|University of South Carolina, Columbia, S.C.||Spring, 2002|
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Henry Laurens was a wealthy Charleston planter and merchant who represented South Carolina at the Continental Congress of which he was elected president in 1777. En route to Holland in search of support for the coloniesí separation from England, Laurens was captured by the British and was held in the Tower of London for 15 months as a traitor. One of the most fascinating items in the Kendall Collection is the diary Laurens kept while he was imprisoned.
Over his lifetime, Laurens, an inveterate writer of both letters and diaries, collected thousands of items including copies of all the letters he sent and their corresponding replies from other 18th-century luminaries such as John Adams and Benjamin Franklin. After his death, Laurensí papers were preserved by his children until they were acquired by William Gilmore Simms in the 1830ís. According to Dr. Taylor, Simms probably used Laurensí papers as background material for his historical novels. In 1867, Simms was forced by dire financial need to sell the collection which was purchased by the Long Island Historical Society. Ninety-two years later, in 1959, Mrs. Henry P. Kendall purchased the Laurens papers and housed them in the Kendall Whaling Museum in Massachusetts. After the deaths of both Mrs. Kendall and her son, Dr. Henry W. Kendall, the Kendall family agreed that the papers should indeed return to South Carolina. The collection will be called The Henry W. Kendall Collection of the Papers of Henry Laurens.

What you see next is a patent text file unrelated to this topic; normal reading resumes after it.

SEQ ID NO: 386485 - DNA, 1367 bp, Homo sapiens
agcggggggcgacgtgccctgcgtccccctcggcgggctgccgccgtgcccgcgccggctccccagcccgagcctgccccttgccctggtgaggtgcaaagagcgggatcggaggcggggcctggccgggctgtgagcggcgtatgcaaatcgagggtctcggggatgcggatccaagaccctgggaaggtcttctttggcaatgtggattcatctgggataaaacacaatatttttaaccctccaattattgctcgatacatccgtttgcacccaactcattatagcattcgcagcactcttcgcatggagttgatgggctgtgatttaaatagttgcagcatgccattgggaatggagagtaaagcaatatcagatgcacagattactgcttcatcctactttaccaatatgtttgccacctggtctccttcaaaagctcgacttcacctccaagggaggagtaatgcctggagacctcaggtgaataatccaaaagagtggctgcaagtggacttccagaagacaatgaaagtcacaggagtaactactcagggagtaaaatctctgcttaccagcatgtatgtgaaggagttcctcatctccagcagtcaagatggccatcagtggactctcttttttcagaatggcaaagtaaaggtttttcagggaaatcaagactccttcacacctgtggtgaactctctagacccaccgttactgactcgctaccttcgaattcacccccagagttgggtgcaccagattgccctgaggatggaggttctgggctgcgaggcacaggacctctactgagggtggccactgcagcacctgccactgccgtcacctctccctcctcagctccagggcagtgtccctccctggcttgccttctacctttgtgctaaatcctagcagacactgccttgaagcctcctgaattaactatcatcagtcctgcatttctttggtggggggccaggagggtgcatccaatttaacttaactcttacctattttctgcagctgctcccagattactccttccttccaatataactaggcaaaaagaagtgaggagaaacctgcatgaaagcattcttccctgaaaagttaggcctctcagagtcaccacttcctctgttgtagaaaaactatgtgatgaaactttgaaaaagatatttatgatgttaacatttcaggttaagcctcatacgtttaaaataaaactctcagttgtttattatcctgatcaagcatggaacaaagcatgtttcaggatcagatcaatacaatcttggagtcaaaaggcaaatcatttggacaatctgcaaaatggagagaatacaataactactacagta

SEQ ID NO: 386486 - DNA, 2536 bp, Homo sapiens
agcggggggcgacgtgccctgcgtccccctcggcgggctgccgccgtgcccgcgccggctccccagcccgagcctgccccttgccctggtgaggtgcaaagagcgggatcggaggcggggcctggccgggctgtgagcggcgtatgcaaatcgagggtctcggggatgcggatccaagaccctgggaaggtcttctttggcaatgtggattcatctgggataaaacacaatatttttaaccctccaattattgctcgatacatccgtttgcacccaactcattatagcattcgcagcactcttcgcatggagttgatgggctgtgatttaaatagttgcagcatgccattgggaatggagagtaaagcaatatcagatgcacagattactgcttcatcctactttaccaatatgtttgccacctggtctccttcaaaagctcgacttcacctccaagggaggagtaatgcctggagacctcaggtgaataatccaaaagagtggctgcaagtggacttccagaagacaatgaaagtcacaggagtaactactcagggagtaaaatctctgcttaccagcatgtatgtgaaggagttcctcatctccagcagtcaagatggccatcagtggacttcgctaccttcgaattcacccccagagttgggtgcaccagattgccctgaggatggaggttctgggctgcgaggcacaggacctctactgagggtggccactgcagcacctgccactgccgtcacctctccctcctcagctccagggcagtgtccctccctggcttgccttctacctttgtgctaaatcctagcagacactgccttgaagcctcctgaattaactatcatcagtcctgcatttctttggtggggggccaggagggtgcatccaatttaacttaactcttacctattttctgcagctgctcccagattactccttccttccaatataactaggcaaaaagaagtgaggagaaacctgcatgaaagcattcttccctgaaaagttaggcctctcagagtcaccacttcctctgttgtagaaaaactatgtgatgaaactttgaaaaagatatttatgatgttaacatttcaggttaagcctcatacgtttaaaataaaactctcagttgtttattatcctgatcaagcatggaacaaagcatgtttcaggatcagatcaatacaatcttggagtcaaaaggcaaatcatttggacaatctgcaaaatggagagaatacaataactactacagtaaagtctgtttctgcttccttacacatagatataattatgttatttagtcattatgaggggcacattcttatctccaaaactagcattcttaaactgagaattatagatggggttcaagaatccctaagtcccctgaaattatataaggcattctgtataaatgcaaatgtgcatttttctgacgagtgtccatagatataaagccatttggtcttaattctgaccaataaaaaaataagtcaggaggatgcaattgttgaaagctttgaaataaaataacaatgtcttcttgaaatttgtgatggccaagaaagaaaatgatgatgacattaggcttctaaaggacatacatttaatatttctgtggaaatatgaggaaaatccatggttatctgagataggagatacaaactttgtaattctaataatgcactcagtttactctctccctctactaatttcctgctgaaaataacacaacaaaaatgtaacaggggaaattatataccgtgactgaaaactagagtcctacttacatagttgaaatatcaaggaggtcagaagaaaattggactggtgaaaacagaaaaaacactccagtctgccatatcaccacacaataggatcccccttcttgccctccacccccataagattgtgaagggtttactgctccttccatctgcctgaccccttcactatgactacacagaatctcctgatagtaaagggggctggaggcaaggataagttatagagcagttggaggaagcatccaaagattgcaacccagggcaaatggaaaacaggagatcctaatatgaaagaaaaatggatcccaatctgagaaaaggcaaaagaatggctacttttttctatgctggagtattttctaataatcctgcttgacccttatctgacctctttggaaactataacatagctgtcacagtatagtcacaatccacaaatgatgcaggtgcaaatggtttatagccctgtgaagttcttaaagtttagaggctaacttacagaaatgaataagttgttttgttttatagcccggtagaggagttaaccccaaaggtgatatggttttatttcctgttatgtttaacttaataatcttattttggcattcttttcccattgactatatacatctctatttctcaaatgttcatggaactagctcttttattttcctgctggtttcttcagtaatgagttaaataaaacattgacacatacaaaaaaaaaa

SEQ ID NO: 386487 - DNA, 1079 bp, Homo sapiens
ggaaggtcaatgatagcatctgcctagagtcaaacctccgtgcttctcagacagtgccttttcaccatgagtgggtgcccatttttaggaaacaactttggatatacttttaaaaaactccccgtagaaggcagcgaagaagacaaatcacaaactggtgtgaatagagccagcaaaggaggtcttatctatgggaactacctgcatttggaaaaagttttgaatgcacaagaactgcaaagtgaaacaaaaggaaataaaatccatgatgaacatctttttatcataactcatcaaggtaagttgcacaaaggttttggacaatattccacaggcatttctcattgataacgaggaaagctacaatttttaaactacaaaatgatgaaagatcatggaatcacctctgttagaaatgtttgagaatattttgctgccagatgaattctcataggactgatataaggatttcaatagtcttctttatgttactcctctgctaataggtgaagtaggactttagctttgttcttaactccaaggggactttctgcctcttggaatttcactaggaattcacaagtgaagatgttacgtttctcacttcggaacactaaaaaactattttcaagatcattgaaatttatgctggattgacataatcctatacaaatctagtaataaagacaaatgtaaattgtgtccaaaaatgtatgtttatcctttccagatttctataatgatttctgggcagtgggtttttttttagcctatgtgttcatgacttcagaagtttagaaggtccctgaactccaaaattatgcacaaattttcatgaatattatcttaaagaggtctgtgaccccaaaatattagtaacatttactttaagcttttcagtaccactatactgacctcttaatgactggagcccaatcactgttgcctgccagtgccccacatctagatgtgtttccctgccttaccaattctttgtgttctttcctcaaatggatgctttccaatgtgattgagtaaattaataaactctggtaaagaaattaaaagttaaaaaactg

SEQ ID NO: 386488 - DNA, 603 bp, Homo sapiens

Dr. Taylor has spent the last 22 years editing The Papers of Henry Laurens, continuing the work of previous editors, Dr. Philip Hamer, Dr. George C. Rogers, Jr., and Dr. David Chesnutt. The 16th and final volume of the project will be published in 2002. Dr. Taylorís long association with the Kendall family as he journeyed to Massachusetts to work on the project was instrumental in bringing the Laurens papers home at last.
Special guests for the event were Mr. Thomas Lockhart, descendant of Henry Laurens and Mrs. Alester G. Furman III of Greenville.
This page updated February 6, 2002 by Amy W. Yarbrough.
This page copyright © 2002, The Board of Trustees of the University of South Carolina.